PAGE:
Constipation is a common digestive disorder that can happen to humans and dogs. Constipation is a difficulty or inability to have normal bowel movements. The canine can be seen straining to defaecate but nothing comes out. As a result, your pooch may be distressed and will most likely lick at his rear end or exhibit some bottom scooting. Unfortunately, it could happen to any dogs, regardless of the breed and age.
Fortunately, the signs are obvious and visible especially with indoor dogs that require supervised bathroom visits outside. For a dog that is free to roam around outside, you may not be able to immediately identify the condition as it is less likely for you to witness his attempts to defaecate.
Still, it is very important to spot manifestations if your dog is suffering from constipation. What are the signs of a constipated dog?
- Lack of bowel elimination for a few days
- Straining when going to the bathroom
- Staying in the ‘pooping position’ (crouching: the back legs are bent, with the bottom rear close to the ground) in a notable amount of time
- Excreting watery substance mixed with blood instead of an actual poop
- Excessive whining and running in circles whilst trying to defaecate
- Haemorrhoids: swollen veins are visible in the canine’s rectal area which is very painful
What causes constipation in dogs?
Other causes are benign as lack of exercise. The most common causes of this condition include:
- Dehydration – The colon absorbs more fluid from the waste before passing through the intestines. As a result, the dog will have difficulty in passing dry and hard stools.
- Diet – This refers to a diet with low fibre intake and too much bone. Aside from that, dogs tend to eat things that are not edible such as hair, toys, and kitty litter which can create blockages.
- Age – The older the dog is, the more it is prone to illnesses which include constipation.
- Activity level – When your dog lives a sedentary lifestyle, this often results in a slower faecal transit.
- Stress – Similar to humans, stressful situations can lead to negative effects on your dog’s physical health. This will lead your dog to digest slower and end up with a larger amount of the food intake than what is being removed as waste.
Further, this condition can also be an indication for an underlying more serious health conditions such as:
- Anal gland issues such as blocked anal sacs
- Digestive tract tumours
- Metabolic diseases (hypothyroidism)
- Prostate enlargement
- Spinal diseases and injuries
- Orthopaedic disorders
- Side effects – it can be a reaction from medical procedures or drugs intake
Home remedies for constipated dogs
The vet can help you determine the cause of your dog’s constipation. The best treatment for your furry friend is known once the cause is identified.
Common treatments include:
- Give him time.
As often as possible, your dog will do a number of attempts in defaecating. As such, you should give him plenty of time and opportunity to do this business.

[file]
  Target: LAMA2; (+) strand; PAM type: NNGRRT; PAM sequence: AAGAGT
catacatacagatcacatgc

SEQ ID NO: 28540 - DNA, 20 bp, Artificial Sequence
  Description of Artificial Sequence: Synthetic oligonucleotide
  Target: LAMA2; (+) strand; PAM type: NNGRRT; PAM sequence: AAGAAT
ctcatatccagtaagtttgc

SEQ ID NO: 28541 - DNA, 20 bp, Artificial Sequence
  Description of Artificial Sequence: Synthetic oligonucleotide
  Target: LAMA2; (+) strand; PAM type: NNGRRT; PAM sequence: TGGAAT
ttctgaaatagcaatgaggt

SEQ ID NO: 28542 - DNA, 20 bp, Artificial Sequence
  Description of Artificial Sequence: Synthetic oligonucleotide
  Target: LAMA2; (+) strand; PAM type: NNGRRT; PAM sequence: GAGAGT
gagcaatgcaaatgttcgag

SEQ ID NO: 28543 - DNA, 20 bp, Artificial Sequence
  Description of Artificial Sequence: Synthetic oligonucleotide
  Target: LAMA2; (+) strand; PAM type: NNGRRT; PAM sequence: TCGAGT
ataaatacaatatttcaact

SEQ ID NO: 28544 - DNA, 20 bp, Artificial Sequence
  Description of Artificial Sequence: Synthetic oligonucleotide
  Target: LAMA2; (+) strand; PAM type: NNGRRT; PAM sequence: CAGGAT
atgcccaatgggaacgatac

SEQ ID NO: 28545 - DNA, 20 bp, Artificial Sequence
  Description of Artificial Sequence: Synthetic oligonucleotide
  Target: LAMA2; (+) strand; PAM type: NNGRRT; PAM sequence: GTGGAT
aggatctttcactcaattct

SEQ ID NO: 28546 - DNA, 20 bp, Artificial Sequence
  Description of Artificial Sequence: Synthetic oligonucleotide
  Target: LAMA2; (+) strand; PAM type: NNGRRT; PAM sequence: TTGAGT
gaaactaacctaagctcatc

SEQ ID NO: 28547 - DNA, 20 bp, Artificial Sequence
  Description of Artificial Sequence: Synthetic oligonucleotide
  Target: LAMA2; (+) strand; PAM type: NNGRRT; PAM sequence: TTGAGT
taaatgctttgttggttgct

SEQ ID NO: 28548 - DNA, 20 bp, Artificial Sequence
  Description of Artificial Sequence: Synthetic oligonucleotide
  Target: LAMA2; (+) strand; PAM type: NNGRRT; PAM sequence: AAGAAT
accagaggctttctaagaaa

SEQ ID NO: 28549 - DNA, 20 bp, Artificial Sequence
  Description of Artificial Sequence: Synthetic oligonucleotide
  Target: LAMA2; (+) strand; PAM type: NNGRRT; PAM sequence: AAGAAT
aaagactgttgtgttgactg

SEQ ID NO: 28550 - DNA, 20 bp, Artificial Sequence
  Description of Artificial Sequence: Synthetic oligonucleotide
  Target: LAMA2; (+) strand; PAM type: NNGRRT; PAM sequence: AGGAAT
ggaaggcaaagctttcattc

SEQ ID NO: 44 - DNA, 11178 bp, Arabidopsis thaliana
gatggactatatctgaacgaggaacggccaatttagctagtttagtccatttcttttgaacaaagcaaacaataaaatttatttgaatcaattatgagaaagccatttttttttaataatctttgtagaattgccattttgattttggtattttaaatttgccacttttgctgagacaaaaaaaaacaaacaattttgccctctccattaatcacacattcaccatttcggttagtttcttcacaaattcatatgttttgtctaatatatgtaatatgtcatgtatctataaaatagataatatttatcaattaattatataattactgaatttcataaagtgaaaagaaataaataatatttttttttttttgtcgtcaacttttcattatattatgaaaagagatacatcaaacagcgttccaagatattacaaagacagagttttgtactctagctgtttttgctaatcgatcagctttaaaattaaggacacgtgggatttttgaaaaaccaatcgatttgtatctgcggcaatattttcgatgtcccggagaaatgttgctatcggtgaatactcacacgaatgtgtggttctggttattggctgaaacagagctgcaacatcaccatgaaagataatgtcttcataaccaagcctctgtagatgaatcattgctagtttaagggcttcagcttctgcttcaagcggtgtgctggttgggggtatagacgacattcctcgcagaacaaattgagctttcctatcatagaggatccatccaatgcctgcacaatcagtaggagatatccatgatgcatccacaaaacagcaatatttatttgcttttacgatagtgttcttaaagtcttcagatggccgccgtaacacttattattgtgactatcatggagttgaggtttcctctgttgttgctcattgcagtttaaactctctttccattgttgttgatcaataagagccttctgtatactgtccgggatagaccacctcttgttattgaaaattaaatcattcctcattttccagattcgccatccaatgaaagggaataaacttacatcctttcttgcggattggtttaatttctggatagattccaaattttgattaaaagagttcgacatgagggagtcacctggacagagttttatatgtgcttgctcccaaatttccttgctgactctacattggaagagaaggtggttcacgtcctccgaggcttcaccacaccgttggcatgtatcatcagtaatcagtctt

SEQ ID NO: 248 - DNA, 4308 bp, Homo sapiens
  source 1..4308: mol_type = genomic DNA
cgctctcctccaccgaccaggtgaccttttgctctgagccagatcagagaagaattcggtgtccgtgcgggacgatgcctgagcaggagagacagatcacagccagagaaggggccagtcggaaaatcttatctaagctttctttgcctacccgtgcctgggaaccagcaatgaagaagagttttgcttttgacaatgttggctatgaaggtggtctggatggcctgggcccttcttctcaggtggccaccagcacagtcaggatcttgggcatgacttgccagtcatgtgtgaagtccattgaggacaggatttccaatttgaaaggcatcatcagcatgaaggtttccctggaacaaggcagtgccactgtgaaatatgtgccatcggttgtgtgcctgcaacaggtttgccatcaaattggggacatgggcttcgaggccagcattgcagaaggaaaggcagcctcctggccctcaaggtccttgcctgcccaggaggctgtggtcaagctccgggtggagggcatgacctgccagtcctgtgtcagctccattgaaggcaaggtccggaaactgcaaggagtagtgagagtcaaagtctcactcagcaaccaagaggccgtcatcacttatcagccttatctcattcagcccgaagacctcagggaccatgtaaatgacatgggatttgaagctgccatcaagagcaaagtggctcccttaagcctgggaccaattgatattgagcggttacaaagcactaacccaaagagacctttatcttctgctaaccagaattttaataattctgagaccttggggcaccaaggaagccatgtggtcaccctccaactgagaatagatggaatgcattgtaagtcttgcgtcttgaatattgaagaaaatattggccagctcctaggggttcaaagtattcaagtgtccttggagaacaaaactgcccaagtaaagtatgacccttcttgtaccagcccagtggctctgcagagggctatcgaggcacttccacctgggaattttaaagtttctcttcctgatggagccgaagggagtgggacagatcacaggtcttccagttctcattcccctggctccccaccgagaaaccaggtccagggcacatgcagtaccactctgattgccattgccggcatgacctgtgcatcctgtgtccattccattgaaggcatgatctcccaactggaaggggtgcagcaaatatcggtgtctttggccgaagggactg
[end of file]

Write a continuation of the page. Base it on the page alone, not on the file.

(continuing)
- Add more fibre to his diet.
Fibre in your dog’s diet has remarkable benefits. It can help to soften or firm up the poop depending on the case. Fibre acts like a little sponge that will absorb water into the stool, making it softer and wetter. It would be better to provide 20 per cent fibre of their daily food intake. Here are a few ways of adding fibre to your dog’s diet:
- Steamed or chopped green beans
- Boiled and mashed sweet potato
- Canned pumpkin (1 teaspoon per 10 pounds/bodyweight)
- Chopped fibrous leafy vegetables
- Coconut oil for dog constipation
- Add digestive enzymes and probiotics to his diet.
Probiotics are known to help with maldigestion, which is often the cause of constipation.
- Monitor the bone content.
The ideal bone content for dogs should only be 10 per cent. There are many dogs that are able to process even when the bone content exceeds 10 per cent; however, there are some dogs that struggle.
- Feed canned food—for a short time.
If you usually feed him with dry kibbles, you may want to try switching to a quality canned food for at least two days. Wet food is a dog stool softener that moistens the food and makes it easier for your dog to defaecate.
- Encourage him to consume enough fluids.
A constipated dog should be able to consume enough fluids such as water and milk.
Tips and prevention of dog constipation
- Provide enough exercise.In general, exercise is important for overall health. This prevents any kinds of sickness including constipation. By leading him to an active lifestyle, it lowers the time it takes the food to move through the bowels and thus limits the body’s water absorption in the stool. In addition, exercise is a great way of forming a stronger bond with your furry little one.
- Provide a high fibre diet.Fibre is an important supplement for proper digestion. As such, it is an essential preventive measure against constipation as well as keeping your pooch fit. A healthy dog should consume 2.5–4.5 per cent of fibre in their diet. For a constipated dog, briefly add more fibre content to his food.
- Ensure that your pooch gets adequate hydration.Some cases of constipation are caused by dehydration. With that, it helps to ensure that your dog is getting an adequate amount of water. Fresh water should be available at all times.
- Ensure that he gets a low-grain pet food.
- A dog’s digestive system requires a high-nutrient, high-protein diet. Recent studies have revealed that a high grain diet may not be easily processed by the canine’s digestive system. Choose a meat-and-vegetable dog food that is grain-free or low-carb.
Did the article answer your questions about dog constipation? Check out more pet health advice in our blog.